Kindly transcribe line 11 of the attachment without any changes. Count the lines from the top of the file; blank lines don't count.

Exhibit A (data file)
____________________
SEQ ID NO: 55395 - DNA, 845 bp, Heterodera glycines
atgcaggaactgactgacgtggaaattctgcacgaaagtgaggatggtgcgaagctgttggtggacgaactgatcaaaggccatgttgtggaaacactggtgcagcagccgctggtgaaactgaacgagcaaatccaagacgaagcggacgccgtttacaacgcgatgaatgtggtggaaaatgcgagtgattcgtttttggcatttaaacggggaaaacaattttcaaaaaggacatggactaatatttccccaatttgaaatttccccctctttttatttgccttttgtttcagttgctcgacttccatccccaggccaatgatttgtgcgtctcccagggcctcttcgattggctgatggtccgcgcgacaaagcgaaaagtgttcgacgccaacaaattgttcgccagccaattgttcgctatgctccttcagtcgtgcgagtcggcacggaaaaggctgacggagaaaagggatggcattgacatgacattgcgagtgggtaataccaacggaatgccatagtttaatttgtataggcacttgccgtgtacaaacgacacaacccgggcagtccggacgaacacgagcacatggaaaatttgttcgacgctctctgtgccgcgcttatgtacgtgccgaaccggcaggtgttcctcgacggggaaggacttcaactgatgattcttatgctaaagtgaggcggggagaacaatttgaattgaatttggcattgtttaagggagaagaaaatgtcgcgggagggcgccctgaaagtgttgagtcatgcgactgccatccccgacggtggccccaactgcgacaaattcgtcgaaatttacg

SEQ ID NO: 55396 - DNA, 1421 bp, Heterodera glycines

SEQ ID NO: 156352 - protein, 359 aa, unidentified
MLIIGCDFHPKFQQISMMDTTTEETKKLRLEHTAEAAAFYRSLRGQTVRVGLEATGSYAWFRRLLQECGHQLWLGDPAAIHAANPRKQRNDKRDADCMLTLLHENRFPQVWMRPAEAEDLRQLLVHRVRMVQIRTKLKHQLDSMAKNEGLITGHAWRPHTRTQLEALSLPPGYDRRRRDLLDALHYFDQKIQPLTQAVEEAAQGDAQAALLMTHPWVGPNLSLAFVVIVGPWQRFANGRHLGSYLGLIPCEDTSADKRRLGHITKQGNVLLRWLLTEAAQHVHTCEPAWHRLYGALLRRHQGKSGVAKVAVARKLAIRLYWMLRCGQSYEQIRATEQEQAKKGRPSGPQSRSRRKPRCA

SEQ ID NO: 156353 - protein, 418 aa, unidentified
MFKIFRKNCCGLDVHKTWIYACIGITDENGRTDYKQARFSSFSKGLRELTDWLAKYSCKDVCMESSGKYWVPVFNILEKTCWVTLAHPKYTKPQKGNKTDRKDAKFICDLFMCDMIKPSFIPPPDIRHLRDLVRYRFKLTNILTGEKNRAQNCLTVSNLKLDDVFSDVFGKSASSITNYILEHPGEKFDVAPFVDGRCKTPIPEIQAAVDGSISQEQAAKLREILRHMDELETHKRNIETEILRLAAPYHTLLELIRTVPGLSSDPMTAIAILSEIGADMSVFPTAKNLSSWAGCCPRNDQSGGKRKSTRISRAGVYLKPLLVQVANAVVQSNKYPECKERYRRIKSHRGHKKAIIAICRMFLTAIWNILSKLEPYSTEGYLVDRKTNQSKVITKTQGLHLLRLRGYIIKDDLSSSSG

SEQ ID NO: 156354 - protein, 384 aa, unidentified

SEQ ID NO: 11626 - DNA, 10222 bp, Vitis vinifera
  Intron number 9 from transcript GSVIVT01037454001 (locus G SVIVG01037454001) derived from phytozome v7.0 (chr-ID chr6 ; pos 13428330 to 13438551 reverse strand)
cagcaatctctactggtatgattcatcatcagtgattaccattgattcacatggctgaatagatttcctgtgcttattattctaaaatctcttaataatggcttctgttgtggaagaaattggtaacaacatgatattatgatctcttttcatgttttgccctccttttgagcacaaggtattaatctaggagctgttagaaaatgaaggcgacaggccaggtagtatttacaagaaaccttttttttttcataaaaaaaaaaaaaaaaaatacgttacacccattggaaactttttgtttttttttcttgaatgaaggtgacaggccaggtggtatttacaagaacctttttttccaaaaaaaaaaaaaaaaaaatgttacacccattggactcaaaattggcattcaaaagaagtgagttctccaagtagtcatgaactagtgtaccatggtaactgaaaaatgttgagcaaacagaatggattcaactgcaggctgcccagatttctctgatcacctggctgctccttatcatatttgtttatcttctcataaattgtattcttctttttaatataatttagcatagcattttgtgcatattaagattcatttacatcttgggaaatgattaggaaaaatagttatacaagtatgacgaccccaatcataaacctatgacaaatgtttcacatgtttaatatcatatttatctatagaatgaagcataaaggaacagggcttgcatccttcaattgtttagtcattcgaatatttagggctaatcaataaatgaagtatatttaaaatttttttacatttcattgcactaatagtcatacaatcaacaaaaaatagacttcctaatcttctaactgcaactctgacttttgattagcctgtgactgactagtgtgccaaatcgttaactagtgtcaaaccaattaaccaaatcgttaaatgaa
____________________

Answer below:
cagcaatctctactggtatgattcatcatcagtgattaccattgattcacatggctgaatagatttcctgtgcttattattctaaaatctcttaataatggcttctgttgtggaagaaattggtaacaacatgatattatgatctcttttcatgttttgccctccttttgagcacaaggtattaatctaggagctgttagaaaatgaaggcgacaggccaggtagtatttacaagaaaccttttttttttcataaaaaaaaaaaaaaaaaatacgttacacccattggaaactttttgtttttttttcttgaatgaaggtgacaggccaggtggtatttacaagaacctttttttccaaaaaaaaaaaaaaaaaaatgttacacccattggactcaaaattggcattcaaaagaagtgagttctccaagtagtcatgaactagtgtaccatggtaactgaaaaatgttgagcaaacagaatggattcaactgcaggctgcccagatttctctgatcacctggctgctccttatcatatttgtttatcttctcataaattgtattcttctttttaatataatttagcatagcattttgtgcatattaagattcatttacatcttgggaaatgattaggaaaaatagttatacaagtatgacgaccccaatcataaacctatgacaaatgtttcacatgtttaatatcatatttatctatagaatgaagcataaaggaacagggcttgcatccttcaattgtttagtcattcgaatatttagggctaatcaataaatgaagtatatttaaaatttttttacatttcattgcactaatagtcatacaatcaacaaaaaatagacttcctaatcttctaactgcaactctgacttttgattagcctgtgactgactagtgtgccaaatcgttaactagtgtcaaaccaattaaccaaatcgttaaatgaa